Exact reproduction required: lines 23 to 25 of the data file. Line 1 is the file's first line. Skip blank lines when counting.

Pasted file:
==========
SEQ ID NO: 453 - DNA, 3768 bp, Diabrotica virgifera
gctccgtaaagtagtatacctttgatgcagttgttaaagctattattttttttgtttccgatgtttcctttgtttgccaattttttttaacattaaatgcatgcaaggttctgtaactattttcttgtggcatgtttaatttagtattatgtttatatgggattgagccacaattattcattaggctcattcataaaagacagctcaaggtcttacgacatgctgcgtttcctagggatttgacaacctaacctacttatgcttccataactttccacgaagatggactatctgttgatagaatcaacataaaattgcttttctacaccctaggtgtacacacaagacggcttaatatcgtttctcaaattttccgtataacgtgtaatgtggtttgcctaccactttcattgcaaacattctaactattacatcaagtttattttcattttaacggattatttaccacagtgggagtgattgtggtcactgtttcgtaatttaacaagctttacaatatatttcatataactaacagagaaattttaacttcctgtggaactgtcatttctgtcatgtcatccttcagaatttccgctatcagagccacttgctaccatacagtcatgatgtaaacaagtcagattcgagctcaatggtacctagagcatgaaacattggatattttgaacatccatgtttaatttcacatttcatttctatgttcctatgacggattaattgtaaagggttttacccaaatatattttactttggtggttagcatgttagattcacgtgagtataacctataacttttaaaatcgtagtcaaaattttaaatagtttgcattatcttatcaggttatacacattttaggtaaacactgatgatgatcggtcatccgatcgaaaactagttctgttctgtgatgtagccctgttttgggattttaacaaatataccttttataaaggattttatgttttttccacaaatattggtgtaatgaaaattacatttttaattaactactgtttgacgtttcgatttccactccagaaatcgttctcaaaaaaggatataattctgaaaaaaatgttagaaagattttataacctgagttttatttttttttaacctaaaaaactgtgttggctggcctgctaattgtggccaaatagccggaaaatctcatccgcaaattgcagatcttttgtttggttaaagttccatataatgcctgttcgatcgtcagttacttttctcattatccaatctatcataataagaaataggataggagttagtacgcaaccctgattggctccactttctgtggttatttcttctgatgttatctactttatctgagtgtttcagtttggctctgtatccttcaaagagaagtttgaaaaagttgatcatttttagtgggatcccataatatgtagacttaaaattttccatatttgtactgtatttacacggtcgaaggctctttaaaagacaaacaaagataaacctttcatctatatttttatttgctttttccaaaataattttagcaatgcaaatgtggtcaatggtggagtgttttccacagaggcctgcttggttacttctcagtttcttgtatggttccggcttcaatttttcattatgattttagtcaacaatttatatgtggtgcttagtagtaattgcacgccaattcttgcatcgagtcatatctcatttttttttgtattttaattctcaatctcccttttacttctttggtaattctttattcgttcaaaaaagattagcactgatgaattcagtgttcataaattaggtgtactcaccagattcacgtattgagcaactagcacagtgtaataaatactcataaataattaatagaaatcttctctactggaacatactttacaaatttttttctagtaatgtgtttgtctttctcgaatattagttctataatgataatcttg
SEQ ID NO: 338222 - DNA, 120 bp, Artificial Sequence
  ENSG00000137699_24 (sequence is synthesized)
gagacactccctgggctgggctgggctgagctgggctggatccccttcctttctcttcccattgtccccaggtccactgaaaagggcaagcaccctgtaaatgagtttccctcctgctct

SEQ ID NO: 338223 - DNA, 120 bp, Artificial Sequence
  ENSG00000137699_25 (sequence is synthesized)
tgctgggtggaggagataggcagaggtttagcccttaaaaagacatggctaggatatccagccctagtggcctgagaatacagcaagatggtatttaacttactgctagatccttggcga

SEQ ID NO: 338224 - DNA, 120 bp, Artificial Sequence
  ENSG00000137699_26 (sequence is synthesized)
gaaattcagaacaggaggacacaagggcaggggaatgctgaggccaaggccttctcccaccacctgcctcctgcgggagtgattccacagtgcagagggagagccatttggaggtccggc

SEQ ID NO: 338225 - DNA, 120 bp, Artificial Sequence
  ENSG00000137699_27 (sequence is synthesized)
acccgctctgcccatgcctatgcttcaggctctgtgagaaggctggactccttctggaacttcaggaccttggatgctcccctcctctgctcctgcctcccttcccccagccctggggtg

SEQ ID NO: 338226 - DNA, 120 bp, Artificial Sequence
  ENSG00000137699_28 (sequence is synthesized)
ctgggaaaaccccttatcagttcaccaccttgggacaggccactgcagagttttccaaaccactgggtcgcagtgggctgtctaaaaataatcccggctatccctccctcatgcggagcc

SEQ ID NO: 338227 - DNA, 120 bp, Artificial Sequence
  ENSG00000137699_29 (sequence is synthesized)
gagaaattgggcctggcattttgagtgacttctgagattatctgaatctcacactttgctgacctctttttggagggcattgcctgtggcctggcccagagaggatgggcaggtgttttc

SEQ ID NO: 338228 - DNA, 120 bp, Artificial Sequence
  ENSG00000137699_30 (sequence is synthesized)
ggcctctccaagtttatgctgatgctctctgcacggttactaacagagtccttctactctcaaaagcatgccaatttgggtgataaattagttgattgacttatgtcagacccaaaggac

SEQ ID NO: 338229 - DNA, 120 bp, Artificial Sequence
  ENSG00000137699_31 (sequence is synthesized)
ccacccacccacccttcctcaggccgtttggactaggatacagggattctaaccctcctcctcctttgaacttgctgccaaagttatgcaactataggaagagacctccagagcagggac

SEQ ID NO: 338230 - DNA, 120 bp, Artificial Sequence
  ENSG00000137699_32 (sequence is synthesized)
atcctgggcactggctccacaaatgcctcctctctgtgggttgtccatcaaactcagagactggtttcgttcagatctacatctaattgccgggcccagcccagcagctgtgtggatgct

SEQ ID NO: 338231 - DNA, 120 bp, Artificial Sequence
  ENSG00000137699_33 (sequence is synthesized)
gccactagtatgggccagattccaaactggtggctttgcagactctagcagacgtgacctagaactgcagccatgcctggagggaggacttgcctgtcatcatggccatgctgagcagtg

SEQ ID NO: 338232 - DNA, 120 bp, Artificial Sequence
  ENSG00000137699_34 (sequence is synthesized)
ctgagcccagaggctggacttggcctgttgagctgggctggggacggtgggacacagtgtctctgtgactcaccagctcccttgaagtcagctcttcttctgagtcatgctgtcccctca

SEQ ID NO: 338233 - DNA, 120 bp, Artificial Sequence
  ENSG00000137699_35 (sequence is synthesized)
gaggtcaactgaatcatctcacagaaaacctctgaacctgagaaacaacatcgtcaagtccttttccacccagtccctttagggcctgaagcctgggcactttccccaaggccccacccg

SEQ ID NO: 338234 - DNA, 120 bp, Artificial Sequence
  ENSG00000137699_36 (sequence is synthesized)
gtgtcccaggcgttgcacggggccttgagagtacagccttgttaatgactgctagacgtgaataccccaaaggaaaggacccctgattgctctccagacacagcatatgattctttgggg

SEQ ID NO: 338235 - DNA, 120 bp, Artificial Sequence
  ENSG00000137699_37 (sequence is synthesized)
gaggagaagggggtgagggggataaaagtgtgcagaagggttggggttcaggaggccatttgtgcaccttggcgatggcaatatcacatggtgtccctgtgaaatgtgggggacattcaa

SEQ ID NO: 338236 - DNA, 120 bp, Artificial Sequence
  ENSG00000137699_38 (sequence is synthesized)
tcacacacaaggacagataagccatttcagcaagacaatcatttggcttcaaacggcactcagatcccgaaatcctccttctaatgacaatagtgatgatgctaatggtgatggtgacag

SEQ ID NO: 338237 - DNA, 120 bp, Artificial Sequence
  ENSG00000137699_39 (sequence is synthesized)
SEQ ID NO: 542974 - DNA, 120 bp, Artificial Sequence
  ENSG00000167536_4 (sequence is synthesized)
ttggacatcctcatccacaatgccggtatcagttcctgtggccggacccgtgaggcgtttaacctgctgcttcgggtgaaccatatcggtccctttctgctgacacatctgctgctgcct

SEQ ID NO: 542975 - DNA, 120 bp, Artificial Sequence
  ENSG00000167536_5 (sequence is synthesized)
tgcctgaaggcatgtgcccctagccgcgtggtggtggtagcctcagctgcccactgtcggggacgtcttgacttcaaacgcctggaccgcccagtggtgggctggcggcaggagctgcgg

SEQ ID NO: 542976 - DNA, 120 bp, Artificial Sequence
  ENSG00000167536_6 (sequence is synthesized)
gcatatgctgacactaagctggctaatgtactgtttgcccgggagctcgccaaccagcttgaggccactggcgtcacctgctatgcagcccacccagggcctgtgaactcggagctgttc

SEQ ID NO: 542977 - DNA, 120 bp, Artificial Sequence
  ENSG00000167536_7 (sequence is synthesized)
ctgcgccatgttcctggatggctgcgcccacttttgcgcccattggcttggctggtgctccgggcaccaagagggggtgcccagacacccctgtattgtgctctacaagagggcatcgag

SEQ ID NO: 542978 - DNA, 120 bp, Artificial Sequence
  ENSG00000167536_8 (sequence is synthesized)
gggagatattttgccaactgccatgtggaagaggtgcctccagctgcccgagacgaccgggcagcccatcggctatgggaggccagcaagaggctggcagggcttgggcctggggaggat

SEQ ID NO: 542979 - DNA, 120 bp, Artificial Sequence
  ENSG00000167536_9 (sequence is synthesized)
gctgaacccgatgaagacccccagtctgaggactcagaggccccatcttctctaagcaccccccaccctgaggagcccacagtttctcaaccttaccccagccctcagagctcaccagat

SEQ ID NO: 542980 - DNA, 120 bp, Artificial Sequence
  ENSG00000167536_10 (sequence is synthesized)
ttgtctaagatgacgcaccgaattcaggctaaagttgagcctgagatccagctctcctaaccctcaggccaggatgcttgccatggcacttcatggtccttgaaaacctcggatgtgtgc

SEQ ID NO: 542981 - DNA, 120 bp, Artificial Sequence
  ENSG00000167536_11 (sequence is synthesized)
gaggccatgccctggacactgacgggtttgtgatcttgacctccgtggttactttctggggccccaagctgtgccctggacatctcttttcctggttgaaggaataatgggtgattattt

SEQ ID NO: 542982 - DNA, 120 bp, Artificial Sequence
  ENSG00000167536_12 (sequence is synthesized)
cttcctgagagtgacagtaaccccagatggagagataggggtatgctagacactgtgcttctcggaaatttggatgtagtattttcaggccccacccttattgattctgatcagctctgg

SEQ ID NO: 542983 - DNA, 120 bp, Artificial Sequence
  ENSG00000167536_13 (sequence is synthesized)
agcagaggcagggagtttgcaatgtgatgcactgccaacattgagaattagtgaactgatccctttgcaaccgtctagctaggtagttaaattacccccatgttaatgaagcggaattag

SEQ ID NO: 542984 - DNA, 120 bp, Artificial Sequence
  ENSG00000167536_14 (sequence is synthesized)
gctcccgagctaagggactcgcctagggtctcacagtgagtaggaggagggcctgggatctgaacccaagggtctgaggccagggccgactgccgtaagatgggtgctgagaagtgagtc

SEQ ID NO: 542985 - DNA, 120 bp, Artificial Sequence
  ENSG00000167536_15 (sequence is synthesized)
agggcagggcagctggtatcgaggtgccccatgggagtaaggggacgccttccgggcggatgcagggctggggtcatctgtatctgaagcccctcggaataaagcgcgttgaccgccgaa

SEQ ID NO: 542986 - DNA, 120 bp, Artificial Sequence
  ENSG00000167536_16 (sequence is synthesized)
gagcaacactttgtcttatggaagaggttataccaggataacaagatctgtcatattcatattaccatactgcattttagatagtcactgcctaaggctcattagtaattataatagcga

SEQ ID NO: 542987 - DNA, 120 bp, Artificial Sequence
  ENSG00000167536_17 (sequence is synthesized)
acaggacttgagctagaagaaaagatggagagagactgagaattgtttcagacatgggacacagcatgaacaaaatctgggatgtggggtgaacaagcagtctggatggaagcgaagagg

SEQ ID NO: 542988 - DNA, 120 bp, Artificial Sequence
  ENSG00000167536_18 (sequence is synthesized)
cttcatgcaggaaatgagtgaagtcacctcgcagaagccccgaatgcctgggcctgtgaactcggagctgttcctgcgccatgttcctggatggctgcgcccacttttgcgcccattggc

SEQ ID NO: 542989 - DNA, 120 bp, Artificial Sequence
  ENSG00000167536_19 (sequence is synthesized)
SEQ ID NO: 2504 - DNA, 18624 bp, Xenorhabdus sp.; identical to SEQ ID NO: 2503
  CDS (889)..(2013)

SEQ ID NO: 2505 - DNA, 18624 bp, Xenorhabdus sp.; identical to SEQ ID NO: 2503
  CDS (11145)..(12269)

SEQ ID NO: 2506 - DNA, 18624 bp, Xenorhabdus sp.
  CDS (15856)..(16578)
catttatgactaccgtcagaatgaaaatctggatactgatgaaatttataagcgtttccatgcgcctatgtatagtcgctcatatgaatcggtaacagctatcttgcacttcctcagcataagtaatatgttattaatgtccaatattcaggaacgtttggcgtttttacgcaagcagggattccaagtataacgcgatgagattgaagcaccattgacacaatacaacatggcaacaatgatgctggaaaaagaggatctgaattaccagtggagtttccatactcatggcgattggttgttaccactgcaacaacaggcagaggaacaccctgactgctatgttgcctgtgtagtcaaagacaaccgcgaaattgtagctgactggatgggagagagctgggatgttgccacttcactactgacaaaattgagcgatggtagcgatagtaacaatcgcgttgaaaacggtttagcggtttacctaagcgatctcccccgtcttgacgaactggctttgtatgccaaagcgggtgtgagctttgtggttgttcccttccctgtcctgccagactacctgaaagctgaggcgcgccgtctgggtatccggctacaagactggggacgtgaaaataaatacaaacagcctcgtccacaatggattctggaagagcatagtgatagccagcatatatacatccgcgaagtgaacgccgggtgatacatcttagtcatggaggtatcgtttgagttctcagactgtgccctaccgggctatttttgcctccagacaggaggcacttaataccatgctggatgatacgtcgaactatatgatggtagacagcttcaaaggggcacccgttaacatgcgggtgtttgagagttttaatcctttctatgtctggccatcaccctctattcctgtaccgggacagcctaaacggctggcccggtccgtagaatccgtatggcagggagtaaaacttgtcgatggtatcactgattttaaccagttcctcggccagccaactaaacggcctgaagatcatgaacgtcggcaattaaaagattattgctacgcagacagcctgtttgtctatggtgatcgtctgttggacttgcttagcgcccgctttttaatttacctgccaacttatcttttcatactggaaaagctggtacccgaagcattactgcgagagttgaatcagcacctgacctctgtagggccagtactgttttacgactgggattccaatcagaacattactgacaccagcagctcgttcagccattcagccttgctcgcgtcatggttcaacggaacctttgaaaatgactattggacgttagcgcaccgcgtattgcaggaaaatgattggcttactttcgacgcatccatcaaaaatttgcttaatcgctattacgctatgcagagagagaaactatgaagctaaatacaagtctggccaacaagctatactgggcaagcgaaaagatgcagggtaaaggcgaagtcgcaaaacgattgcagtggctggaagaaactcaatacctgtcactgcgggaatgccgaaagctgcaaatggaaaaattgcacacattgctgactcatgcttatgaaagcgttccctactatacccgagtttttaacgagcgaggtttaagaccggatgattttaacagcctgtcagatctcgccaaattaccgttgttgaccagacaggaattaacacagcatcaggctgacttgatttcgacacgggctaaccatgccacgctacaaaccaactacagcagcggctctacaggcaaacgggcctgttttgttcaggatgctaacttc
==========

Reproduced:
ggcctctccaagtttatgctgatgctctctgcacggttactaacagagtccttctactctcaaaagcatgccaatttgggtgataaattagttgattgacttatgtcagacccaaaggac

SEQ ID NO: 338229 - DNA, 120 bp, Artificial Sequence
  ENSG00000137699_31 (sequence is synthesized)